San Francisco as it had never been seen before

Stereograph of damage from 1906 San Francisco earthquake
Stereograph 1906. "Looking northeast from Fifth street showing  . . . Flood Building." Harriet and J. William Rosenthal, MD Collection

On April 18, 1906, at 5:12 AM, San Francisco was struck by a major earthquake, with an estimated magnitude of 7.7 to 7.9 on the Richter scale. People felt it as far north as the Oregon border, south beyond Los Angeles and east into Nevada. After the earthquake came three days of fire which left much of the city razed to the ground.

In the months after the “Great Disaster,” amateur and professional photographers flocked to document the ruin of San Francisco. Among them was W.S. Smith with his special stereographic camera.

Stereoscope, c1900. Harriet and J. William Rosenthal, MD Collection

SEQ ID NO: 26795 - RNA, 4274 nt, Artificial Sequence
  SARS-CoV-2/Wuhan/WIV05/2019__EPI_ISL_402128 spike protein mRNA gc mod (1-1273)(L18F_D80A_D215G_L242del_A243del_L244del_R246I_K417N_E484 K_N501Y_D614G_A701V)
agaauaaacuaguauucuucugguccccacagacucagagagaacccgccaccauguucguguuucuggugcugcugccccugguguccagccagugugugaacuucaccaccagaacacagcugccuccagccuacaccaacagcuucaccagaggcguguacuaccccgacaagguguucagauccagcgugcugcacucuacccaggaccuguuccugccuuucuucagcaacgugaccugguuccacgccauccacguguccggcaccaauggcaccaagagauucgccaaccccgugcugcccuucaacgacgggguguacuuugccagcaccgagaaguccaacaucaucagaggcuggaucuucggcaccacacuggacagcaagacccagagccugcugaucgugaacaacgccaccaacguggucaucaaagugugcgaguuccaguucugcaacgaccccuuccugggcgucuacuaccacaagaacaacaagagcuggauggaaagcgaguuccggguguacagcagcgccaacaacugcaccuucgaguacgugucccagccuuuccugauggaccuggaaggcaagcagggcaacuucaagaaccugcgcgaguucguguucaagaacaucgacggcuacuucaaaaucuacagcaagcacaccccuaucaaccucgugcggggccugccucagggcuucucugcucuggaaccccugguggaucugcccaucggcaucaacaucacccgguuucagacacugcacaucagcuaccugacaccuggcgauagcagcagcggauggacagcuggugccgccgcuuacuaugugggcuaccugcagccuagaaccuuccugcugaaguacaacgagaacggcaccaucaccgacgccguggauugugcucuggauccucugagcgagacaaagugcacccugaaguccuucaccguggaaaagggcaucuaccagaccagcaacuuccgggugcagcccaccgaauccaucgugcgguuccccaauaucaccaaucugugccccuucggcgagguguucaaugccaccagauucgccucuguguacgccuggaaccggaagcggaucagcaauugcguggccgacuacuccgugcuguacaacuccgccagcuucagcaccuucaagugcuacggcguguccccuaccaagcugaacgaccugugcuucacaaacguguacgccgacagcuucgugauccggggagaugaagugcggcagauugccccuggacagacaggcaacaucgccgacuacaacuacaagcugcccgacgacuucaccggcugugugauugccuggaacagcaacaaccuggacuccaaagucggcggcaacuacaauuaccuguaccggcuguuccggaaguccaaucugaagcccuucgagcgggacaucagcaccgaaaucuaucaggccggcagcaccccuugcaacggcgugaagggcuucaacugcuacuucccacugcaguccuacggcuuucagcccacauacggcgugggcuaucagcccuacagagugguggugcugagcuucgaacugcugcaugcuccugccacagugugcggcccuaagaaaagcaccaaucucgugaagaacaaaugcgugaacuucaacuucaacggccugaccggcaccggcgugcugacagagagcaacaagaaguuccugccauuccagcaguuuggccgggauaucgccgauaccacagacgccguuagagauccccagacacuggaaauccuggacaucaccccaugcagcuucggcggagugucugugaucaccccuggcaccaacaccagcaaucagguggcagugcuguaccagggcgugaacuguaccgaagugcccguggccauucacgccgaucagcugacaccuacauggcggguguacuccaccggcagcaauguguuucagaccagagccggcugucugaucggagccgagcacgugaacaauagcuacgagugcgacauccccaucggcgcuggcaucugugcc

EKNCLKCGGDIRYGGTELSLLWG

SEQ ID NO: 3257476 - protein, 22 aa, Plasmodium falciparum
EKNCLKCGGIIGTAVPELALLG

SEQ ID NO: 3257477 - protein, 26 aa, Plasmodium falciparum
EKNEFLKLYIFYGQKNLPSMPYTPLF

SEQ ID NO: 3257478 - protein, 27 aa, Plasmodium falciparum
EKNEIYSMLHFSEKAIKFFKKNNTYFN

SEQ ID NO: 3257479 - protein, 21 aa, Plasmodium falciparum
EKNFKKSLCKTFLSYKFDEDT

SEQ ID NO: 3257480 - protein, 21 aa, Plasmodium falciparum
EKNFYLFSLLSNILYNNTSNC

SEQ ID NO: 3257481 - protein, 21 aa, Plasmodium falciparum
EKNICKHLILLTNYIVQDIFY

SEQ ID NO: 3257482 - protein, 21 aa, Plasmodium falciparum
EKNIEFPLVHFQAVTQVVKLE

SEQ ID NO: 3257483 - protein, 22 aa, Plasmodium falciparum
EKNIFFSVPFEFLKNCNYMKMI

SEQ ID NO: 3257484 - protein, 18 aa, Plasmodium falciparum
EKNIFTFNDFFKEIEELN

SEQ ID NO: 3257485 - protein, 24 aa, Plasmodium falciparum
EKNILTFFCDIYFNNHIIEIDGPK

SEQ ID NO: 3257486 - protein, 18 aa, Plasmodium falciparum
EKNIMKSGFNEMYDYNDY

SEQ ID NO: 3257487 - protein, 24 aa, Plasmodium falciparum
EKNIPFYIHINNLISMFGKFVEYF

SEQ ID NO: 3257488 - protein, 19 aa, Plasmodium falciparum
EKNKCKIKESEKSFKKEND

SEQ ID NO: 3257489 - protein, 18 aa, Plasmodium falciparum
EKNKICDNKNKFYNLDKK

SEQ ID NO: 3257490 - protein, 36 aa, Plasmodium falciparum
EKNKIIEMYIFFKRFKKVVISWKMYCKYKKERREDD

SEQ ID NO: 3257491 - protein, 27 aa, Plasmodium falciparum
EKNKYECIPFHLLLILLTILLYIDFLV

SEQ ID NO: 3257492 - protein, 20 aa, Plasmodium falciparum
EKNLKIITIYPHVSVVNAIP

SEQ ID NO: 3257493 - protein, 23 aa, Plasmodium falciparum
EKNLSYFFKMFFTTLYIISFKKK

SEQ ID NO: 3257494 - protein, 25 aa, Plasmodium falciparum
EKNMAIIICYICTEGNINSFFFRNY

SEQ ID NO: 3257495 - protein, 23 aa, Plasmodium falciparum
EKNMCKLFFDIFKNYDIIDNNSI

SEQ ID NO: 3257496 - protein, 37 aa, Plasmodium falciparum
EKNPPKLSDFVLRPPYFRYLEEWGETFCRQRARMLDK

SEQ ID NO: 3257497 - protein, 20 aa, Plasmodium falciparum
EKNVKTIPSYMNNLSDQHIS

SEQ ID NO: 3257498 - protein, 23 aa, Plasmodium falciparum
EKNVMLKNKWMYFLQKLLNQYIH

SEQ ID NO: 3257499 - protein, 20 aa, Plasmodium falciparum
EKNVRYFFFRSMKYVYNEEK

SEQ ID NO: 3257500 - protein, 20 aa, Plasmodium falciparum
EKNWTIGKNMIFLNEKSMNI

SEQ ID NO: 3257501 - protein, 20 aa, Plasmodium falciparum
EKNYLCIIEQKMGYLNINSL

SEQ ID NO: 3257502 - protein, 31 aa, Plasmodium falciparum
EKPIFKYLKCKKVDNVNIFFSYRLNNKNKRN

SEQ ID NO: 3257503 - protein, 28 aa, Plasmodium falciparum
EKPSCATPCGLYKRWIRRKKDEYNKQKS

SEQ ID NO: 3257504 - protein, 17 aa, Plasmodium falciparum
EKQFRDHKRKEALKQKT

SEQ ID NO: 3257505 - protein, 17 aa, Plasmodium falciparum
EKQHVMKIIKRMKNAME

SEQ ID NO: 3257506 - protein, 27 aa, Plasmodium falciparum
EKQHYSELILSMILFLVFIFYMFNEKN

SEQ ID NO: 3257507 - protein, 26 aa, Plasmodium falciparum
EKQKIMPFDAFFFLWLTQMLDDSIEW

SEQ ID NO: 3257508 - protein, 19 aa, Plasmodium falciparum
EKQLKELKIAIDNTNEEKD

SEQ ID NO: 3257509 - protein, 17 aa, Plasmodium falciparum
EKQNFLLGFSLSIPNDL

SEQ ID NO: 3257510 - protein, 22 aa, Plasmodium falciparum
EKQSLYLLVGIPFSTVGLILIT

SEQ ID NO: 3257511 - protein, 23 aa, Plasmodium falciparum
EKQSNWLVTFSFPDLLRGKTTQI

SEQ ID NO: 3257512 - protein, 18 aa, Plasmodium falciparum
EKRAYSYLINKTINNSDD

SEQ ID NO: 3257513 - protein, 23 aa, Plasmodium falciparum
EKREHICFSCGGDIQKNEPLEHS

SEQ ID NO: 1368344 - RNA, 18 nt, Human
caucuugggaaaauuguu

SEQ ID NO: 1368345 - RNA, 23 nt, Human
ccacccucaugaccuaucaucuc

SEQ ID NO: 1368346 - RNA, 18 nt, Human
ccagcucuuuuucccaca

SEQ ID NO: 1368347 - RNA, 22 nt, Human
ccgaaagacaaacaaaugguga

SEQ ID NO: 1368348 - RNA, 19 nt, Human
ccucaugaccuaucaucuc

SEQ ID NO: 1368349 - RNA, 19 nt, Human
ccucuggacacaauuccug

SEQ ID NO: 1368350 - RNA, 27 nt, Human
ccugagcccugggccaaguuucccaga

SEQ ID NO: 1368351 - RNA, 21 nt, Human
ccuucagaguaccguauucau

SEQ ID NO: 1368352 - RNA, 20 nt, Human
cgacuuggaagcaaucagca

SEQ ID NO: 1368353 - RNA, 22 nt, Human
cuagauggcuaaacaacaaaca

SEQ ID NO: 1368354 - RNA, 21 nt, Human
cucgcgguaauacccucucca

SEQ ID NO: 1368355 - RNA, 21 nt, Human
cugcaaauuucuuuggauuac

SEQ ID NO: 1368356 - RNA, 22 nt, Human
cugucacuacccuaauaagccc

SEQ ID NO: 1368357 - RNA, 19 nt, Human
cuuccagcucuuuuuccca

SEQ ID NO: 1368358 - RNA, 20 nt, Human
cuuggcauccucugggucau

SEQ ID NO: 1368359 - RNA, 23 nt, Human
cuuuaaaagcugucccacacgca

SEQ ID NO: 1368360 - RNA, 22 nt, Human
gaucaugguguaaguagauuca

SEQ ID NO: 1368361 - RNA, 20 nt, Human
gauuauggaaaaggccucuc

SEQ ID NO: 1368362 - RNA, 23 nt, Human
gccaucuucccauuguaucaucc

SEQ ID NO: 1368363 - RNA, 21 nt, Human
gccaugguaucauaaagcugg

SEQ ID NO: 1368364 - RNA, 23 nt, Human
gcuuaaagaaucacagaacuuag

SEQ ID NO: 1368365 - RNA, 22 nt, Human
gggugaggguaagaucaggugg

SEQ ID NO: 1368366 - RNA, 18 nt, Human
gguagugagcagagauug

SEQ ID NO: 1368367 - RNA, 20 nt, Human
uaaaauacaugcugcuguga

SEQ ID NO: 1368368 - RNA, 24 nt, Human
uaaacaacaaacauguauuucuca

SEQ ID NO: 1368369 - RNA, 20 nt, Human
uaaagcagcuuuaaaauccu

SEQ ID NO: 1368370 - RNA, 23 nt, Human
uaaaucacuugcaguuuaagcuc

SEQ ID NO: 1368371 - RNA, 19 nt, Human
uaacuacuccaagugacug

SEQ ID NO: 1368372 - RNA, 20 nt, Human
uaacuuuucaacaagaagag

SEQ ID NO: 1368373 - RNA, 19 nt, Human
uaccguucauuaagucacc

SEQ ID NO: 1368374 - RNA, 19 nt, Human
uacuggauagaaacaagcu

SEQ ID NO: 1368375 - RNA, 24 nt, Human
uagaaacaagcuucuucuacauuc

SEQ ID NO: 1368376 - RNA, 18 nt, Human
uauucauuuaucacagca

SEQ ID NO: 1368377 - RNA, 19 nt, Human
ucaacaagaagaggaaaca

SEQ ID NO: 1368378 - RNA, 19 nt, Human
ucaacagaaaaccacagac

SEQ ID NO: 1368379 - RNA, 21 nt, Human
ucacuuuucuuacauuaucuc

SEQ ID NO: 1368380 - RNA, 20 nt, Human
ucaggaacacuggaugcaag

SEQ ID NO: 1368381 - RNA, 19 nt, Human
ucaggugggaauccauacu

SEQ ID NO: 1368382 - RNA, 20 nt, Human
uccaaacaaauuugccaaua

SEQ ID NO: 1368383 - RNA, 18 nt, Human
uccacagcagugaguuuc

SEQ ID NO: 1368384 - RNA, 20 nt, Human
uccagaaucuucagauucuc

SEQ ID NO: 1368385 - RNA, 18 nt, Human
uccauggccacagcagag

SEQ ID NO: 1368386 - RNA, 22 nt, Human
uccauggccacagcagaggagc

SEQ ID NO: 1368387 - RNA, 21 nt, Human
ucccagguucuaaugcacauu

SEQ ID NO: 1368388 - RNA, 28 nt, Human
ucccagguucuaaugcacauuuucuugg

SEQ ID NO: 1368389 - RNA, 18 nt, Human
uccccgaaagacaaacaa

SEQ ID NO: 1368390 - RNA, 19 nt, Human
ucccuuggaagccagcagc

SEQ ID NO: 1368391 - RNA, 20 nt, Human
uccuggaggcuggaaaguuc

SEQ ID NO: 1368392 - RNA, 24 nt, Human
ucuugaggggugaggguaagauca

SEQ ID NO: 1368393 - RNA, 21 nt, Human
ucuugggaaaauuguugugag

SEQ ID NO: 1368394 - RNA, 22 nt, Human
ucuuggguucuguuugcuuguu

First introduced in the 1830s, stereographs consist of a pair of nearly identical images mounted on cardboard. When the cards are placed in a stereoscope device, the viewer sees a single 3-D image. Human eyes are approximately two inches apart, which means that each eye sees a slightly different view of the world. Our brains put the images together (fusion) which creates the perception of depth, also known as seeing in three dimensions (3-D). Some people think 3-D images are more lifelike and give a sense of “being part of” the scene portrayed.

Between 1850 and 1930, an estimated 10,000 photographers around the world were taking stereo photographs. Boxed sets of cards and scopes were sold widely for home use. Popular stereograph subjects included travel destinations, natural wonders, World’s Fairs, wars and disasters such as the 1906 earthquake.

Visit the Museum of Vision for more information about the role of vision in history.

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